Everyone knows the epic war between man and woman. Started with that first bitten apple. But a close second is the equally epic war between youth and age. That one started the first time a son beat his father. Each has been raging ever since, a perennial subject for psychologists and poets alike.
Our latest example is 10 time All-Star slugger Ichiro Susuki. A career .322 hitter, Susuki is about to turn 39 with a slumping average of only .261. And yet the New York Yankees just paid big bucks for him. His success or failure with the Yankees isn’t going to help settle the war. But it does help crystallize the argument. Between developed bodies and developed brains. Energy and experience. Blue-jeaned wunderkind from Silicon Valley and white-shirted elders from corporate America.
Now here’s what makes the argument so important. For the first time in history, youth has never been more prized at the very same time age has never been so much older. In an fiercely rapid culture of iPads and smartPhones, only the young have the energy to keep pace. Consequently some economists argue whether youth can or should pay the heavy burdens of an aging population. Ethicists go further as they argue whether society can afford to keep the old and sick alive so long.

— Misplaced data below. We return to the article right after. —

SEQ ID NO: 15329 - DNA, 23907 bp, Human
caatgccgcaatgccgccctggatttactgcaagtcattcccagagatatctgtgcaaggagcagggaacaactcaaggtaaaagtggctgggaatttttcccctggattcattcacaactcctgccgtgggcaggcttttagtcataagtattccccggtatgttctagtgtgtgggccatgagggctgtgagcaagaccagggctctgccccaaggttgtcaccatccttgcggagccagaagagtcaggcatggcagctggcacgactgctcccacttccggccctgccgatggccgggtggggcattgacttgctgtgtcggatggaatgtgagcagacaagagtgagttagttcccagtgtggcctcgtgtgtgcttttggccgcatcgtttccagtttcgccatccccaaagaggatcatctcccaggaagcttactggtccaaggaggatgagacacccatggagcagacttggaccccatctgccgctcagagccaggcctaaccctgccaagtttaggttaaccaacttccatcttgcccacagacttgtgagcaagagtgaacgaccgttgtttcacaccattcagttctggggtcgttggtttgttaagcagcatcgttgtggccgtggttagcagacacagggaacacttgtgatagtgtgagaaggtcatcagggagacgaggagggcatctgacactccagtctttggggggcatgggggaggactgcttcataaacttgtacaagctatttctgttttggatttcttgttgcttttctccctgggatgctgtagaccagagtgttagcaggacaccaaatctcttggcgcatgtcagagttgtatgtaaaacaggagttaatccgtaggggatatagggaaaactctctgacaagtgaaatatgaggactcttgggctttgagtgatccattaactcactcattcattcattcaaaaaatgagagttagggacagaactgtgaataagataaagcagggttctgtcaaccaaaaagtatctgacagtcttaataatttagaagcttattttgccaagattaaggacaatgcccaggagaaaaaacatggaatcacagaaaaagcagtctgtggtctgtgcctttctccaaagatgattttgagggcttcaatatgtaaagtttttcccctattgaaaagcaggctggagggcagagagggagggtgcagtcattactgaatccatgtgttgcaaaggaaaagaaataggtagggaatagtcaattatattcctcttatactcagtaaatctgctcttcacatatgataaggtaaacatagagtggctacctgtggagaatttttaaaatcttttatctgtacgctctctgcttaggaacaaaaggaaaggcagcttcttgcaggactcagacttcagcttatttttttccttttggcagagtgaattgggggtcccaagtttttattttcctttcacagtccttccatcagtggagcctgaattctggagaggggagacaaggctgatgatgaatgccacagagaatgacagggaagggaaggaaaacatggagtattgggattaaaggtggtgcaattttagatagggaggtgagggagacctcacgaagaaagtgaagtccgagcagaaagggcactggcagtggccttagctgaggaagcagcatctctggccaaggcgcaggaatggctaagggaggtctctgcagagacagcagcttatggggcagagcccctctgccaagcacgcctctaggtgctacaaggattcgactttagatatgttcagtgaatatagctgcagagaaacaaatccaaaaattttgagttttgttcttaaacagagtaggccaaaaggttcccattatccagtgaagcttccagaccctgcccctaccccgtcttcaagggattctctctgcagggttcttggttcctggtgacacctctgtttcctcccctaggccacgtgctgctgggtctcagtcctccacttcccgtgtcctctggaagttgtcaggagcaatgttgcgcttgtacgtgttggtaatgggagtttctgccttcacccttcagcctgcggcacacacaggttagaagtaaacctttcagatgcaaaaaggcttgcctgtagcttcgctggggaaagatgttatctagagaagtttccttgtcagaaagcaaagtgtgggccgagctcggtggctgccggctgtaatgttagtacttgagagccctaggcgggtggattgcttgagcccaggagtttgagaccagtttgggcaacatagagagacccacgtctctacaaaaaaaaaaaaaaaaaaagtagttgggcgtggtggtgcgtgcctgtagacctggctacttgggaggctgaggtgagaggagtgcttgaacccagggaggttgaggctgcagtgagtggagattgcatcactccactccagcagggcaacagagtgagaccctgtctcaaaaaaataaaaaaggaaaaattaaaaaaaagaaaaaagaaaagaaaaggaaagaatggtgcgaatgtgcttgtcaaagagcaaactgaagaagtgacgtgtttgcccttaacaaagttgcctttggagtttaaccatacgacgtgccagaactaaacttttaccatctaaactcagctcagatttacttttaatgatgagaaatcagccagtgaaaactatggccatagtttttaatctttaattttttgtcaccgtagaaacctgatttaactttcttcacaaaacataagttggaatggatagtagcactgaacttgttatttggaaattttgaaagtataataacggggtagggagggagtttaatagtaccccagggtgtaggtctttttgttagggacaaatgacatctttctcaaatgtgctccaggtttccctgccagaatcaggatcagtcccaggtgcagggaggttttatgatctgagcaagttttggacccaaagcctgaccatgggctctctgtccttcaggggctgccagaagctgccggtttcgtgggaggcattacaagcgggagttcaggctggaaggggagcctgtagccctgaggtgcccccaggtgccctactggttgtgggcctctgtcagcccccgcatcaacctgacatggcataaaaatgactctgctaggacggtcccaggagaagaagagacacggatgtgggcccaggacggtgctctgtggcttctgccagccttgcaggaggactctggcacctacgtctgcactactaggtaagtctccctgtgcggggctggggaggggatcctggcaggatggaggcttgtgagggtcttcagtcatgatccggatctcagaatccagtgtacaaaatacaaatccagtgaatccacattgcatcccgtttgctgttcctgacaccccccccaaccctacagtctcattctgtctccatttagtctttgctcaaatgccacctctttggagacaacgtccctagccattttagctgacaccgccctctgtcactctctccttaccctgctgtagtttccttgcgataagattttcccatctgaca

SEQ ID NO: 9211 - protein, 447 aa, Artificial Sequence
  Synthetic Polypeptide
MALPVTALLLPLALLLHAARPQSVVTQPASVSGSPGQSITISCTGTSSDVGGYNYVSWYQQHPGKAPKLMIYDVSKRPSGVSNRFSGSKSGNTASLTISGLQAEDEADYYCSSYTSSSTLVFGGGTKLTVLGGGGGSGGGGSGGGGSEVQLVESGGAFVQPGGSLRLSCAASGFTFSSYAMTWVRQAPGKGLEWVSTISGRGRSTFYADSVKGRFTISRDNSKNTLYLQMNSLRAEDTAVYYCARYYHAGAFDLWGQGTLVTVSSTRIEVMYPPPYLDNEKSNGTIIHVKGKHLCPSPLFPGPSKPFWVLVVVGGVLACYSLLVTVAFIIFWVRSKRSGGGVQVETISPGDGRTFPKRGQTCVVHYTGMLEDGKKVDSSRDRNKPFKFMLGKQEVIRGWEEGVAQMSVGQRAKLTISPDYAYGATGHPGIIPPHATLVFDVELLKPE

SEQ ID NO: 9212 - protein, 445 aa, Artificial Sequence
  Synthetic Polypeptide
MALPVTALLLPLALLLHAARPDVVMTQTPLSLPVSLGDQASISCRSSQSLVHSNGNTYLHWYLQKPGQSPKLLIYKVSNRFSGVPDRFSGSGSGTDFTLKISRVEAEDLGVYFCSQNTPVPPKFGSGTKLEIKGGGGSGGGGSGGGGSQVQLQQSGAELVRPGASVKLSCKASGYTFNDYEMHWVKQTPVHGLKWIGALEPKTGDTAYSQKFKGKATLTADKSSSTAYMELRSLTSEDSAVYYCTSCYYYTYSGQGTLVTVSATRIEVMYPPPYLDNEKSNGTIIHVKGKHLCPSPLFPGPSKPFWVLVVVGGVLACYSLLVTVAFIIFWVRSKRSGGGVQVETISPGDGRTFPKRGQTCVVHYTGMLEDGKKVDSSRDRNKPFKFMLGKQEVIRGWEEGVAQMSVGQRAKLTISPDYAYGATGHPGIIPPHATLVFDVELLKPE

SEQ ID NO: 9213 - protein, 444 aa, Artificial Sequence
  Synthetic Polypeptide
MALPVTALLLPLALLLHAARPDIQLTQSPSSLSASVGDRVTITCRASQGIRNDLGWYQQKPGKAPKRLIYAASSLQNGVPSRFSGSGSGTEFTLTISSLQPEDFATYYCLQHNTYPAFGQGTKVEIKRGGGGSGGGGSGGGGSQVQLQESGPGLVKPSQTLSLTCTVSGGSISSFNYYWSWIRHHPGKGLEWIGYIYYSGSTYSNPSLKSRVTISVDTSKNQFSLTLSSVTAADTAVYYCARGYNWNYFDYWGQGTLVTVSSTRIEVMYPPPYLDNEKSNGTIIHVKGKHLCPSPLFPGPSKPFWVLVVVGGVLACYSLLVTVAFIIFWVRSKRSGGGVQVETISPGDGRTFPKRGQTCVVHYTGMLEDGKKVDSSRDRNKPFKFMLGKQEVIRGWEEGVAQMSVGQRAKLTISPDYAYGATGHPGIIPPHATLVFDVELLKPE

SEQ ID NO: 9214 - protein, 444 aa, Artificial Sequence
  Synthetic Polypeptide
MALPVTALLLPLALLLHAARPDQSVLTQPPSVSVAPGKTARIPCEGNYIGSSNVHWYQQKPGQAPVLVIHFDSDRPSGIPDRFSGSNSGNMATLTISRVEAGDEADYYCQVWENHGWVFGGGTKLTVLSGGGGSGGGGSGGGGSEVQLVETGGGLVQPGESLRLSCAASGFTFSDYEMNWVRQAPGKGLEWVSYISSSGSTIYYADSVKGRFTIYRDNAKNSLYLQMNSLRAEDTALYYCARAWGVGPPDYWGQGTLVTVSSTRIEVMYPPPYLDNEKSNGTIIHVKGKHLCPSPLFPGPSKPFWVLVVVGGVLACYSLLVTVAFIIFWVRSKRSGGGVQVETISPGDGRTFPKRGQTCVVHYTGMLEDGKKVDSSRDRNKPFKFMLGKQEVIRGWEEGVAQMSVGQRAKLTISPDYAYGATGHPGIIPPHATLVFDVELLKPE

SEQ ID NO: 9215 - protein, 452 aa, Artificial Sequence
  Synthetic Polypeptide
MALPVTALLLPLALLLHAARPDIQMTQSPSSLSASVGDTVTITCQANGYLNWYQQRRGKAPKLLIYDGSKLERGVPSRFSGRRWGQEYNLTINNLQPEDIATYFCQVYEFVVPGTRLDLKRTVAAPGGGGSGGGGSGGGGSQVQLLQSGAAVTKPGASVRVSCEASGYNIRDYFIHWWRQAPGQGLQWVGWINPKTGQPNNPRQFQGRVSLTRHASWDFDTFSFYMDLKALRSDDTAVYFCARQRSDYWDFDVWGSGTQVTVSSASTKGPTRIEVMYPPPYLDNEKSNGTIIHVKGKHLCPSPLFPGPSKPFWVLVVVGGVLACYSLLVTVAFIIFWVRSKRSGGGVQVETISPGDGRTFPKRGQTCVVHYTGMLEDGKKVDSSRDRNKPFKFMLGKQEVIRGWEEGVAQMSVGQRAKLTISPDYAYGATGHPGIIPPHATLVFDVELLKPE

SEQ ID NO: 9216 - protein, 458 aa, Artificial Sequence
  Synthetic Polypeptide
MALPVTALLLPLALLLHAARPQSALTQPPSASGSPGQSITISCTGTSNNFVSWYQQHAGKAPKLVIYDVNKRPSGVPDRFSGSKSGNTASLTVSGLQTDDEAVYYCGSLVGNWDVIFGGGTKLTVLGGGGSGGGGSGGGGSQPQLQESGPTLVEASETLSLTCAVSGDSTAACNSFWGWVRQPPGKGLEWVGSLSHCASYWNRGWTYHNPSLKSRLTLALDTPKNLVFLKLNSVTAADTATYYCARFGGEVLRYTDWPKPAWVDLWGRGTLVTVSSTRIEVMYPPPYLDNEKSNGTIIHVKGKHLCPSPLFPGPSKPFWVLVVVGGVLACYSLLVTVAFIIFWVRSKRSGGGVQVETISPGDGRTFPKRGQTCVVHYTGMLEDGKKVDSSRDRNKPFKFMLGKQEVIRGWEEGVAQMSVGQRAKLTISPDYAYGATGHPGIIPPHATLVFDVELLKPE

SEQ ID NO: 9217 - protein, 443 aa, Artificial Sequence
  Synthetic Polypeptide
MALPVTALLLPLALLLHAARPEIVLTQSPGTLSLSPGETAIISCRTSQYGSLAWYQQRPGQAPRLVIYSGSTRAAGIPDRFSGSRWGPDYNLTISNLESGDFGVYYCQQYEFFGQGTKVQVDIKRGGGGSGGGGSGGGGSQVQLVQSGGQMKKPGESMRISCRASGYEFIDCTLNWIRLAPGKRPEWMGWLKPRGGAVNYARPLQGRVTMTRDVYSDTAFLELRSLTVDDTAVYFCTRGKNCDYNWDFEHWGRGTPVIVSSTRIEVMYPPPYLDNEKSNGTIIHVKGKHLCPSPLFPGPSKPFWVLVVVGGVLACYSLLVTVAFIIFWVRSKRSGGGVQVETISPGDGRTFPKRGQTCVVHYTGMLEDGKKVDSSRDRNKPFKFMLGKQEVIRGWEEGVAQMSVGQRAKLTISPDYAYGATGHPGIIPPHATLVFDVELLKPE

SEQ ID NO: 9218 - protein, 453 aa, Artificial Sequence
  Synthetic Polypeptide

In the meantime, everyone else figures old-age is something “15-years older than me!”
There’s a bottom line to this demographic war. Whether Susuki helps the Yankees win this year is not it. How old the world lets Susuki grow IS….
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